A significant amount of cost and effort is wasted when documents and objects are built without leveraging similar objects that already exist. Most developers recognize this and try to recycle objects when possible. However, many companies can’t fully implement a reuse environment and culture because they lack the infrastructure to support and reinforce the goal of reuse. Building a reuse environment involves major changes in how people do their jobs, so the infrastructure must include components that deal with technology, processes, and people.

A few years ago, Gartner published research supporting the notion that if the basic infrastructure elements of a reuse program are not in place, the entire effort will fail within two years. However, Gartner also found that a properly implemented reuse program would produce an ongoing annual return on investment of at least 200 percent within two years. So despite the likelihood of failure if the effort isn’t properly supported, the possible payoff is compelling.

Last time, in “The reuse environment is more about culture than technology,” we discussed some of the main virtues and challenges of a reuse model. In this article, we’ll examine the issues you must consider if you’re planning to build a reuse infrastructure.

Key deliverables
The goal of a reuse environment is to enable the reuse of development objects to decrease the cycle time of delivering solutions and to increase their overall quality. It may also be possible to reduce development costs, but this is not a given since some expense is associated with building and supporting the environment.

Before your team or department starts trying to create a reuse environment, you need address a number of areas, including:

  • Processes, procedures, and leading practices for accomplishing reuse.
  • Training curriculum and courses on how to build for reuse, both for developers and for support roles.
  • Implementation of new roles and responsibilities that support reuse.
  • Incentives to encourage individuals to build and use reusable objects.
  • A measurement process that tracks reuse and compliance to reuse processes.
  • A repository tool for storing and managing reusable objects. The tool must include a catalog that defines the objects and supports searches.

What can be reused?
In developing a plan for implanting a reuse environment, it’s obviously important to understand the types of objects that can be reused. Most developers immediately assume that we’re talking about reusing programming code—and in part, we are. However, much more than code can be reused in a true reuse environment. Think of all the objects in your environment in one of two categories.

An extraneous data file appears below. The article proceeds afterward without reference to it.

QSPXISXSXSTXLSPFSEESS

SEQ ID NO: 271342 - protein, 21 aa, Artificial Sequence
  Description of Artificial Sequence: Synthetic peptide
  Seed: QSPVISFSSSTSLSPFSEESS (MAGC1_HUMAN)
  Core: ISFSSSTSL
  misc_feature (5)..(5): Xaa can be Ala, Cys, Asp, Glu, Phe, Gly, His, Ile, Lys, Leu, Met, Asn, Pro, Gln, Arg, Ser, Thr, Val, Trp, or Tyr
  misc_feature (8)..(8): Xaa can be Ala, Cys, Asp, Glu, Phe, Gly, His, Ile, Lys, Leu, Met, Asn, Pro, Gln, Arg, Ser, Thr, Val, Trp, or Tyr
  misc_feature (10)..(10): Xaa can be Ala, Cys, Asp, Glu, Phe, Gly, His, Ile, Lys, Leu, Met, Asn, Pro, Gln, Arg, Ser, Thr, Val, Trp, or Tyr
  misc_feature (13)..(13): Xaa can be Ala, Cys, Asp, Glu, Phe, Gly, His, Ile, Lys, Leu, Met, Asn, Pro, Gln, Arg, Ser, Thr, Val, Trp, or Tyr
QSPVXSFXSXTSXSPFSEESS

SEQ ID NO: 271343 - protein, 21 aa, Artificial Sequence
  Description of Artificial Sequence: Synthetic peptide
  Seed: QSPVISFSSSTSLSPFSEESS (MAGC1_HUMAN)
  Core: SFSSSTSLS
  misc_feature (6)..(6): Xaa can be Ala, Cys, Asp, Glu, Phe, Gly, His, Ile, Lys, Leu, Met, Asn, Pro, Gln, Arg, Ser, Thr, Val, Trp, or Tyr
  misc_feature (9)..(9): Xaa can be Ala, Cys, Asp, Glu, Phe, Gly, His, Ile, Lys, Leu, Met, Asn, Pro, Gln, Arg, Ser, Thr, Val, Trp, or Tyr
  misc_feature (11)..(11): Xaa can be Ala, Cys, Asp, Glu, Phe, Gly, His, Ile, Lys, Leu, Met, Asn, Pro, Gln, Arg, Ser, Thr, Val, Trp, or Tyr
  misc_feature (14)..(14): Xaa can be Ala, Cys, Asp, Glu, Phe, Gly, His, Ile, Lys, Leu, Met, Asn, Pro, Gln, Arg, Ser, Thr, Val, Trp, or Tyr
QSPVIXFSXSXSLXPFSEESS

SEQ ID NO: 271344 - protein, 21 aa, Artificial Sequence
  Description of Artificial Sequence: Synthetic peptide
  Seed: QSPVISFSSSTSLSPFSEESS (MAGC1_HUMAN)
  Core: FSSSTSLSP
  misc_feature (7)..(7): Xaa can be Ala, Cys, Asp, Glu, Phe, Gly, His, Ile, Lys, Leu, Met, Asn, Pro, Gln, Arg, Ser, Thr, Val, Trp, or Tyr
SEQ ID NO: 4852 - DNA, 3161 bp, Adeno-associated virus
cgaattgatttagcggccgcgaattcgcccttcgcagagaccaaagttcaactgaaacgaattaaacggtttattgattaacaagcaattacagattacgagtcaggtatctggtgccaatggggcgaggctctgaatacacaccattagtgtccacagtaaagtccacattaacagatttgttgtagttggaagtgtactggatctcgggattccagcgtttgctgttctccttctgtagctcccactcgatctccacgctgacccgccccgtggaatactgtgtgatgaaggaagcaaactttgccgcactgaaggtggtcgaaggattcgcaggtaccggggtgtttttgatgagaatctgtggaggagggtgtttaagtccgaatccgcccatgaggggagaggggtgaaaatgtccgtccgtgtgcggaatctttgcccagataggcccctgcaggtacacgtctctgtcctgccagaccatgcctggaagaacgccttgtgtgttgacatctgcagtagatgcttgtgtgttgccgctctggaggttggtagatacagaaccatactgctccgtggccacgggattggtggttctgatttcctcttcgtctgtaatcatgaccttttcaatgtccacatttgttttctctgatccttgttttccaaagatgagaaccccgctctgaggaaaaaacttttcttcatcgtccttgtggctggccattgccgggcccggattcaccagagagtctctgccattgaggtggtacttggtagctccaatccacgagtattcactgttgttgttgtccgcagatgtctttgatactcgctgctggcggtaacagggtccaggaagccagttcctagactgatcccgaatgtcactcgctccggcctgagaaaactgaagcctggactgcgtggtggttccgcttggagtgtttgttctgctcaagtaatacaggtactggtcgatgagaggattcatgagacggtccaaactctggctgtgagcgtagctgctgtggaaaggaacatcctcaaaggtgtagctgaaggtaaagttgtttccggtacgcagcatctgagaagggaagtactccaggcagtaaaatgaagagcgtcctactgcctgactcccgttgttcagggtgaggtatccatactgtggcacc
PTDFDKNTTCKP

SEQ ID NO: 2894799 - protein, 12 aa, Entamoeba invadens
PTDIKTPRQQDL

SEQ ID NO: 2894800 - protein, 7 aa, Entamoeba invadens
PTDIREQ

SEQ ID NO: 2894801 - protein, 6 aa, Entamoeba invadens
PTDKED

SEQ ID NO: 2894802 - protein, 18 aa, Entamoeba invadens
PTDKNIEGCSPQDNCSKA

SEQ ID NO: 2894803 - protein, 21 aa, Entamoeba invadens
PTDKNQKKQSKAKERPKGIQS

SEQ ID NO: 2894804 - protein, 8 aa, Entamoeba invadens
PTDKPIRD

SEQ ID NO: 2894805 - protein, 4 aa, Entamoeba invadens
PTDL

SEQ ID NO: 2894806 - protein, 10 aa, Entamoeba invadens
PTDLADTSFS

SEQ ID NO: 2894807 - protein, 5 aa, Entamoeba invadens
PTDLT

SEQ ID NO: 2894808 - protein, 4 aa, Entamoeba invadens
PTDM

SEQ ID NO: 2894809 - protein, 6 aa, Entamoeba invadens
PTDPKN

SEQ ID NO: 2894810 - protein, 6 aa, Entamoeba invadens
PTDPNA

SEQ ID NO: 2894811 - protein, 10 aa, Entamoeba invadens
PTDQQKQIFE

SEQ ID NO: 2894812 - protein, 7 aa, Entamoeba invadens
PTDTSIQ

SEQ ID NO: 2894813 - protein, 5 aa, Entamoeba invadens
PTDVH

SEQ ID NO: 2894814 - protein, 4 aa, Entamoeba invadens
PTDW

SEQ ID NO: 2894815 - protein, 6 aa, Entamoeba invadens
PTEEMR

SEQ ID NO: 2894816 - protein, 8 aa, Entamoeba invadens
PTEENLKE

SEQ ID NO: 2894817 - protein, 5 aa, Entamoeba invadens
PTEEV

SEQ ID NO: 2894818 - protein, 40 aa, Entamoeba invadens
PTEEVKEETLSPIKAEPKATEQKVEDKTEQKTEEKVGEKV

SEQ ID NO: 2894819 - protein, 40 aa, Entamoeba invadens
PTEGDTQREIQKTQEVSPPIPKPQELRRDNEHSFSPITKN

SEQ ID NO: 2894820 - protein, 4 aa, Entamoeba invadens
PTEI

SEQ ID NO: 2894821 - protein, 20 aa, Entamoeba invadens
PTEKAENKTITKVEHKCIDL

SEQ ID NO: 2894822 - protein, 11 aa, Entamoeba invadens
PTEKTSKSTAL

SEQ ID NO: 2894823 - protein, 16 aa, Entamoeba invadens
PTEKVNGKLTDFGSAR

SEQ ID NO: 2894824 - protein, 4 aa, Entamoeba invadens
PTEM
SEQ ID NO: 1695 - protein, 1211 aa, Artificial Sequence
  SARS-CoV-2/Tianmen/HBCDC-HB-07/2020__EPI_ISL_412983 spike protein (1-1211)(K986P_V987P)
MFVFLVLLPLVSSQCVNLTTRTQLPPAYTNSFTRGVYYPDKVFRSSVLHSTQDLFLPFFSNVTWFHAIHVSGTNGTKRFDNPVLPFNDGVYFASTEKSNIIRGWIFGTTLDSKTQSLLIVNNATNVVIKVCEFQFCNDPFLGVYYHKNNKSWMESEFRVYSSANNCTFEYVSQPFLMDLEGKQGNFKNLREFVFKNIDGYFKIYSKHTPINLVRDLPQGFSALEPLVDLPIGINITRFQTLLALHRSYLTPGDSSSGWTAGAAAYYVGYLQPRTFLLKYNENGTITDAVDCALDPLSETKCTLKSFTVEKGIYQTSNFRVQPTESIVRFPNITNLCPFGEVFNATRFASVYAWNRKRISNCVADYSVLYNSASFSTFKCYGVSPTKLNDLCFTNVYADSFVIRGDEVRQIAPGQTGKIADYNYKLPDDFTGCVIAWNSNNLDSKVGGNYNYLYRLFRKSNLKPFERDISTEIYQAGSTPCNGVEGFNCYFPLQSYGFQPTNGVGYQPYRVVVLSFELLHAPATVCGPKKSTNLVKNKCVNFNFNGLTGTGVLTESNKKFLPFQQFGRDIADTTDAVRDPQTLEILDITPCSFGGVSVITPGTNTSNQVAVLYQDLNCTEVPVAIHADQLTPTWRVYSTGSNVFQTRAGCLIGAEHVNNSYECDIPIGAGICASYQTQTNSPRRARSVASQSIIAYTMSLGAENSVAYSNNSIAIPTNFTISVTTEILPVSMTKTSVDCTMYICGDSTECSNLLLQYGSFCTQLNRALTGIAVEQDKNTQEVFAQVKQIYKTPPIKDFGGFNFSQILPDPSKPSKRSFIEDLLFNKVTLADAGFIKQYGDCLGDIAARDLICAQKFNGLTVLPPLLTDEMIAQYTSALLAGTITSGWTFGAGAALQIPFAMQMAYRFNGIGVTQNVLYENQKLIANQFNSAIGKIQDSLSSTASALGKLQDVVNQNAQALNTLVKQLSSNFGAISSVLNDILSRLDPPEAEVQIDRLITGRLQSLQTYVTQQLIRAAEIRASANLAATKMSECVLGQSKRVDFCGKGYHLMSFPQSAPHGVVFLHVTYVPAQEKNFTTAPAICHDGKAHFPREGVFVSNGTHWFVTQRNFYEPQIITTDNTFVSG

• Structured objects are those related to the development process. Structured objects are defined as objects of fixed length or predetermined content and form. Examples include programming code, entire class libraries, and data models. Basically, these objects can easily be stored and interpreted with the proper tools.
  • Unstructured objects are those that do not necessarily follow any fixed format or pattern. They are not as easy to catalog and store, although many tools and databases today handle them pretty well. Unstructured objects come in varying length, content, and form. Examples include documents, graphs, audio clips, and video images.

Many developers don’t realize how broad the scope of reuse can be. In fact, that’s one of the reasons that implementing reuse can be so challenging. As you continue to explore how you might be able to benefit from a reuse environment, here are some points to keep in mind:

  • Most developers understand the value of reuse, but they do not have the infrastructure needed to make reuse easily available and acceptable.
  • Establishing a reuse culture requires a balanced infrastructure that addresses technology, processes, and people motivators.
  • Two types of objects can be reused: structured objects, like program code, and unstructured objects, like documents and images.

Next time, we’ll take a closer look at the benefits you can expect from reuse, the barriers to implementation, where you should start if you want to create this type of environment, and some success factors.

Project management veteran Tom Mochal is director of internal development at a software company in Atlanta. Most recently, he worked for the Coca-Cola Company, where he was responsible for deploying, training, and coaching the IS division on project management and life-cycle skills. He’s also worked for Eastman Kodak and Cap Gemini America and has developed a project management methodology called TenStep.

Missing out on the promise of reuse?

Have you been part of an effort to create an environment of reuse in your shop? What problems did you encounter? How has it turned out? Send us an e-mail with your experiences and stories or post a comment below.